Monday, August 29, 2016

Old Tools ~ my column from Sunday's paper

There’s an old rake in our shed with a handle worn smooth from use. We inherited it from Jilda’s mom Ruby along with many other things. Our great nephew Jordan loves playing with the rake. The first time he saw the old tool, he immediately understood its purpose, and within a few minutes had raked up a mountain of pine straw which he used to practice his swan dive. This tool will still be useful long after we’re gone but this is not the case with other ones that became obsolete as technology evolved.
For example, a few days ago when I lost a bolt on the garden tiller, I headed to the barn. Jilda’s dad Sharkey never threw away a nut or bolt, but tossed them in a bucket. Whenever I need small pieces of hardware, I look there first. Over in the corner, I noticed an old plow. Beginning at the turn of the last century, farmers hitched these tools behind scrawny mules to break ground for gardens.
The first time I saw one in use was when my cousin James Lee Robbins plowed my mama’s garden in the late 1950s. He used unique words to communicate with the old mule. “Gee” meant turn one way and “haw” meant turn the other. Dragging the old plow, he managed to break up a nice garden plot in a little over an hour. The plow in the barn has been there since we moved here in 1980. I could sell it for scrap but I keep it to remember how far things have come.
Another tool we inherited was a “clinker-getter” tool. I named it that because I was unsure what the real name was. It’s a device about three feet long with a mechanical pincher. People used it to remove clinkers from a coal-burning stove or fireplace without burning their hands. It’s no longer useful for that, but I repurposed it for entertaining visiting kids. You wouldn’t believe the things they do with this device. I’ve seen it used for picking up June bugs and flinging rocks. Grownups also find it handy as a steely mouthed monster used to terrorize a yard-full of young’uns. It is a handy tool. I’m glad we kept it all these years.
The tools treasured by those who came before us were vital for survival. These devices that were used to scratch out a living from the land are now considered relics. The only place you see them today is hanging from the ceiling at Cracker Barrel.
As the nature of work changed, so did the tools we use. There’s not as much heavy lifting today, even with jobs requiring manual labor. I’m sure my nephew Haven who is a plumber would argue this point, but even he would be the first to admit that tools have made his life easier.
These days, much of my work requires computer keyboards, small digital cameras, electronic communications, and social networks. A majority of the heavy lifting I do now is mental. But some days after hours on a keyboard, it feels as if I had spent the day hoeing cotton.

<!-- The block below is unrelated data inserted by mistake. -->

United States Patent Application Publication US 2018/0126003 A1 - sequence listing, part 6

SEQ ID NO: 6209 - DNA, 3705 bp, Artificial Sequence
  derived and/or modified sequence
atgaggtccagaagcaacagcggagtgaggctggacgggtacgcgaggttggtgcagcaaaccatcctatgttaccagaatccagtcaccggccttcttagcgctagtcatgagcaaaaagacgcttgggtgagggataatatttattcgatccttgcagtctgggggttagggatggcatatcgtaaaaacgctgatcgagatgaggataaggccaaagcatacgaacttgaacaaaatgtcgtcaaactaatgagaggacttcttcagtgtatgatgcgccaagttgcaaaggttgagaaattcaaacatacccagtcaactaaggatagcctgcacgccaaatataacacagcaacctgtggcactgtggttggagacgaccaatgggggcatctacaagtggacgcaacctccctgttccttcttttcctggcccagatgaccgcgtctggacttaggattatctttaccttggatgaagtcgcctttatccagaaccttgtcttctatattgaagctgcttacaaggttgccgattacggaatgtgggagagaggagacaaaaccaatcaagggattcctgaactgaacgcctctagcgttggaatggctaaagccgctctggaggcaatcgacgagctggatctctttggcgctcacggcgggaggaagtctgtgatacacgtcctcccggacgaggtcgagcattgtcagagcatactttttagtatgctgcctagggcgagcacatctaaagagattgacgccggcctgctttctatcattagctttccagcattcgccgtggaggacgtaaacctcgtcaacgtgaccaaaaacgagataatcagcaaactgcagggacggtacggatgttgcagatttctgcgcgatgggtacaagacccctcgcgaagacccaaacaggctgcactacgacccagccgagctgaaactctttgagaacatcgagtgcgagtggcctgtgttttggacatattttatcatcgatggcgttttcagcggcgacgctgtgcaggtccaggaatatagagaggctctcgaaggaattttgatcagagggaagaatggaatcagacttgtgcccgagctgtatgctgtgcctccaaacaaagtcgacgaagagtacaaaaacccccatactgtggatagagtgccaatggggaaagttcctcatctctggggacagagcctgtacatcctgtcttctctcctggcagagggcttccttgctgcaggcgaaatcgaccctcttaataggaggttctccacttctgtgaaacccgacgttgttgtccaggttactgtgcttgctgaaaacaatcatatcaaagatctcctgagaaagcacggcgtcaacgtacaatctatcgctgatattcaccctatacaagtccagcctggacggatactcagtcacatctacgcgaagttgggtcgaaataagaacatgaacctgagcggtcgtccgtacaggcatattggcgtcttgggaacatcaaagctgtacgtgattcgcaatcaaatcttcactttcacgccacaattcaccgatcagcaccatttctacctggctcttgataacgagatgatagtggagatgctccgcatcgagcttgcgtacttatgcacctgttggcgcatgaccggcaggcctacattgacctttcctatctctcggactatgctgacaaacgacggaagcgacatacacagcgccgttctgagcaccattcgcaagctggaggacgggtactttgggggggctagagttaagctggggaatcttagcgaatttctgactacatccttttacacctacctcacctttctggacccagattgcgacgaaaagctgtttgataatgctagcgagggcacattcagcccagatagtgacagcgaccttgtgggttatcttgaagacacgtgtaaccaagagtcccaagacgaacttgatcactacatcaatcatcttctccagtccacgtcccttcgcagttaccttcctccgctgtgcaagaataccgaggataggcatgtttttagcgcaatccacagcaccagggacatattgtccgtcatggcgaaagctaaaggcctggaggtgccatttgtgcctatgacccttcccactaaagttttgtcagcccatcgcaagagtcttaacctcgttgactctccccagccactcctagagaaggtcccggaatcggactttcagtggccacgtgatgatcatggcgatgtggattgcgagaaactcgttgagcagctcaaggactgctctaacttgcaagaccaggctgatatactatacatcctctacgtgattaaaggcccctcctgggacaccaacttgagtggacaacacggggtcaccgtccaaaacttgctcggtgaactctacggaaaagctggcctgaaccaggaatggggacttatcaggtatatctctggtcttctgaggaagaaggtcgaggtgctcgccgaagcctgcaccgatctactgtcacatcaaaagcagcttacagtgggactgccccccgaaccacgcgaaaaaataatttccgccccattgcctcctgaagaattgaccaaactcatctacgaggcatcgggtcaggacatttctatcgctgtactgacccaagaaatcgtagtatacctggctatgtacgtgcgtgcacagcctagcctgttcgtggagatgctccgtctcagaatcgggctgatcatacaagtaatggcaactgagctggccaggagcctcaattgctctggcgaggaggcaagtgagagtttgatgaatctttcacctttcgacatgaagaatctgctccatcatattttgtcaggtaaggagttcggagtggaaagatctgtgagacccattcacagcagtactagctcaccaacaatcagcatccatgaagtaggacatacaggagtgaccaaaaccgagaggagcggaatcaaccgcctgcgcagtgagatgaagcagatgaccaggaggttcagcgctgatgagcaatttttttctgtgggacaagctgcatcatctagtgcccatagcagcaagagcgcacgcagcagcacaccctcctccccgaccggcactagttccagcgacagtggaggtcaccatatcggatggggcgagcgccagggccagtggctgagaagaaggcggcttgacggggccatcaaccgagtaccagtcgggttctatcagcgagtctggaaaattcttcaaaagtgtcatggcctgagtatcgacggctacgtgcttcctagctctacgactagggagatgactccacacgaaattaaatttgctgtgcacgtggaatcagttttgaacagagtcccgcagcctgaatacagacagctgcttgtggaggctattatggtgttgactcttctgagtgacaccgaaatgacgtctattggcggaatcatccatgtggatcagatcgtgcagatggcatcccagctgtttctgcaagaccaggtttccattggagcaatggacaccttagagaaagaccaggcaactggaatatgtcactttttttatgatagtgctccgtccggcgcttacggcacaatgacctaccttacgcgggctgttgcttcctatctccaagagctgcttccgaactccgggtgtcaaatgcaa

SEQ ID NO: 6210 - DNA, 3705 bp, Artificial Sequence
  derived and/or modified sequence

As I wrote this column, I tried to imagine what early settlers would make of things today. I’m sure they would struggle with how much tools have changed. It took hours of sweat and toil to break up a garden spot of a few acres with a mule and plow. I’m sure it would be difficult to wrap their reins around the fact that today they could sit in the air-conditioned cab of a high-end tractor and break up the same plot in minutes.
I read where that some of these old tools are making a comeback for people moving “back to the land.” I’d be willing to bet if the early settlers had a choice between cussing a mule or riding on a tractor, they would choose the latter.


  1. My dad used a hand drill and a "yankee screwdriver*" for years. Very handy especially for small jobs when battery operated tools were not available.

    *a hand operated speed driver

  2. I suspect you are right, except that it is easier to determine what the problem is with a recalcitrant mule. And often simpler to fix too.

  3. You better believe the old timers would choose something that is easier and better. It's neat to see the old tools and even try and use them for fun but not to have to live that way.

  4. 35 years ago, we moved into a crazy old farmhouse --inner walls were solid stacked 2x4s-- and needed a door where a window was. Best tool for the job was my grandfather's 7-foot-long 2-man saw. Glad I saved it (Nails would have wrecked a chainsaw). It's still in the barn.

  5. I am in awe constantly with all the changes in everything over the years... I do think that products were made so much better in the past as I find we are a throw away society these days... which is too bad...

  6. I saw the neighbor the other day cutting her grass with a whip blade or scythe. She wasnt making much progress but its all she had after her mower went out. Another neighbor ended up letting her use his mower. Im glad.

  7. We have an Amish community not far from us and you often see them using old tools while working in the fields. Heaving mind lifting can be just as tiring, I'm thinking.

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  9. I love this entry (column) I don't know how I am missing entries, but we have had company. I enjoy how you are able to take me back.

    There are many questions I wish I had asked my dad, but it is too late now.

    A huge horse drawn hay rake sits in my sons yard, he rented a bob cat to make a small road to get it out of the woods at a house we were remodeling.
    He is very proud of that tool, I am too. (I will have to hire a proofer, unless I can cut back on comments.
    Thanks for a memory ride, love 'em more and more.

  10. I agree: they'd choose the latter.

  11. Your old tools are a good reminder of the way things were. My grandfather had tractors to operate his farm but the tools that attached to the tractor are now considered antiques. I enjoyed this post.

  12. Yeah old tools can still be good tools


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